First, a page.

73 11 Miscellaneous Papers:1920, 1931
Potash
74 1 Correspondence: 1914-1917
74 2 Correspondence: 1918
74 3 Correspondence: 1919-1920
74 4 Correspondence: 1921-1922
74 5 Correspondence: 1924-1926
74 6 Correspondence: 1927-1928
74 7 Correspondence: 1929
74 8 Correspondence: 1930-1932
74 9 British Government Documents Relating to the Dead Sea Salts Concession:1928-1929
74 10 Miscellaneous Papers: 1915-1922
74 11 Miscellaneous Papers: 1924-1927, 1929-1930
American Coal-tar Dye Industry, Correspondence
75 1 1915
75 2 January-February, 1916
75 3 March, 1916
75 4 April-May, 1916
75 5 June-July, 1916
75 6 August-September, 1916
75 7 October-December, undated, 1916
75 8 January-February, 1917
76 1 March-April, 1917
76 2 May, 1917
76 3 June-October, 1917
76 4 November-December, undated, 1917
76 5 January-March, 1918
76 6 April-December, 1918
76 7 January-June, 1919
76 8 July-September, 1919
76 9 October-December, 1919
76 10 January-May, 1,920
76 11 June-October, 1920
77 1 November-December, 1920
77 2 January-February, 1921
77 3 March 1921
77 4 April-May, 1921
77 5 June-July, 1921
77 6 August-September, 1921
77 7 October, 1921
77 8 November-December, undated, 1921
77 9 January-April, 1922
77 10 May-August, 1922
77 11 September-December, undated, 1922
78 1 January-July, 1923
78 2 August-September, 1923
78 3 October, 1923
78 4 November-December, undated, 1923
78 5 Diary and Notes about Paris Trip: 1923-1924
78 6 January, 1924
78 7 February-March, 1924
78 8 April-October, 1924
78 9 November, undated, 1924
78 10 1925
78 11 1927, 1929, 1931, 1938
American Dyes Institute
78 12 Correspondence: 1919
78 13 Correspondence: January-June, 1920
78 14 Correspondence: July-December, 1920
78 15 Correspondence: 1921-1922
War Trade Board
79 1 Advisory Committee on Dyes. Correspondence: May-June, 1919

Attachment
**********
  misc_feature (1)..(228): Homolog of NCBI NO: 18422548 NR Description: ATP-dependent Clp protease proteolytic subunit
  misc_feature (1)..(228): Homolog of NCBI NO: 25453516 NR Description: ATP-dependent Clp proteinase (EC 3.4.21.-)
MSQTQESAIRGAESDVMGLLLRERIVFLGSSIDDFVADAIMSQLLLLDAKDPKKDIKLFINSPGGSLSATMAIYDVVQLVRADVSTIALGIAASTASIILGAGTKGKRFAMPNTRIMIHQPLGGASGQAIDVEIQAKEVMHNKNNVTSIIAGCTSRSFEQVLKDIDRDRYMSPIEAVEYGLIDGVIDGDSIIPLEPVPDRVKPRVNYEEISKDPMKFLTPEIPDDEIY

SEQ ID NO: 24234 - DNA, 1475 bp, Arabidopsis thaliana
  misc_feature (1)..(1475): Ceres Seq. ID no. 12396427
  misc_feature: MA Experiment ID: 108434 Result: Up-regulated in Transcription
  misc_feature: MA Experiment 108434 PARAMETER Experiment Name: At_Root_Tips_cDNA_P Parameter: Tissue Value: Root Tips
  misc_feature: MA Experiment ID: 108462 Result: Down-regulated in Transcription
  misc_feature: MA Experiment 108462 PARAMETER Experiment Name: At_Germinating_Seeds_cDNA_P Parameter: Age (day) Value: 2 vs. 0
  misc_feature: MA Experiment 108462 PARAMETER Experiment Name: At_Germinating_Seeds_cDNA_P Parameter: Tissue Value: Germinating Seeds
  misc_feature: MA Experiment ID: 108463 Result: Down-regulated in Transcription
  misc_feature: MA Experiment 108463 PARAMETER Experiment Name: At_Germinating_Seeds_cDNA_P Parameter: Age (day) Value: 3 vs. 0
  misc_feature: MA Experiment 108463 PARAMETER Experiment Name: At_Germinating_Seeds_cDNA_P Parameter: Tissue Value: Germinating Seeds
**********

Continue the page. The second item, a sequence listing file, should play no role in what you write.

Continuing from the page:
79 2 Advisory Committee on Dyes. Correspondence: July, 1919
79 3 Advisory Committee on Dyes. Correspondence: August-December, undated, 1919
79 4 Advisory Committee on Dyes. Correspondence: 1920-1921
79 5 Advisory Committee on Dyes. Minutes of Meetings: 1919
79 6 Regulations, Orders and Press Notices: 1918-1921
79 7 War Trade Board Journal: 1918-1919
79 8 Miscellaneous Papers: 1917-1919
Allied Reparation Commission and American Commission to Negotiate Peace
79 9 Correspondence: May-September, 1919
79 10 Correspondence: October-December, 1919
80 1 Correspondence: 1920-1921
80 2 Personal Notes and Diary: 1919
80 3 Miscellaneous Papers: 1919, 1922-1923, undated
80 4 Organization Committee of Reparation Commission. SubCommission for Dyestuffs, Chemical and Pharmaceutical Products. Papers: 1919
American Commission to Negotiate Peace.
80 5 List of Intermediates, etc., from German Chemical Companies: 1919
80 6 Lists of Dye Stocks of German Chemical Companies: 1919
80 7 Lists of Dye Stocks of German Chemical Companies: 1919
80 8 Lists of Dye Stocks of German Chemical Companies: 1919
Textile Organizations.
80 9 Textile Alliance, Inc. Correspondence: 1919
80 10 Textile Alliance, Inc. Correspondence: 1920
80 11 Textile Alliance, Inc. Correspondence: 1921
81 1 Textile Alliance, Inc. Correspondence: 1922-1925
81 2 Textile Alliance, Inc. Correspondence: 1926-1928
81 3 Textile Alliance, Inc. Dyestuffs Advisory Committee. Minutes of Meetings: 1919-1922
81 4 Textile Foundation. Correspondence: 1930-1932, 1934-1935
81 5 Textile Foundation. Correspondence: 1936-1938
81 6 Textile Foundation. Miscellaneous Papers: 1931, 1937
81 7 American Association of Textile Chemists and Colorists. Correspondence: 1928-1930, 1934-1935, 1937
81 8 United States Institute for Textile Research, Inc. Correspondence: 1931-1932
U. S. Tariff Commission
81 9 Correspondence: 1917-1919
81 10 Correspondence: 1920-1921, 1923-1924, 1926-1928, 1931
82 1 Press Releases: 1920-1921, 1926-1928
82 2 Tariff Information Series Publications. Numbers: 2, 11, 22, 23, 26
82 3 Tariff Information Series Publications. Numbers: 31-35, 37
82 4 Miscellaneous Publications: 1917-1920
Department of Commerce
83 1 Bureau of Foreign and Domestic Commerce. Publications: 1913-1928
83 2 Bureau of Foreign and Domestic Commerce. Artificial Dyestuffs Wed in the United States: Quality and Value of Foreign Imports and of Domestic Production During the Fiscal Year 1913-1914. Special Agent Series No. 121. By Thomas H. Norton. Washington: Government Printing Office, 1916 (Typescript).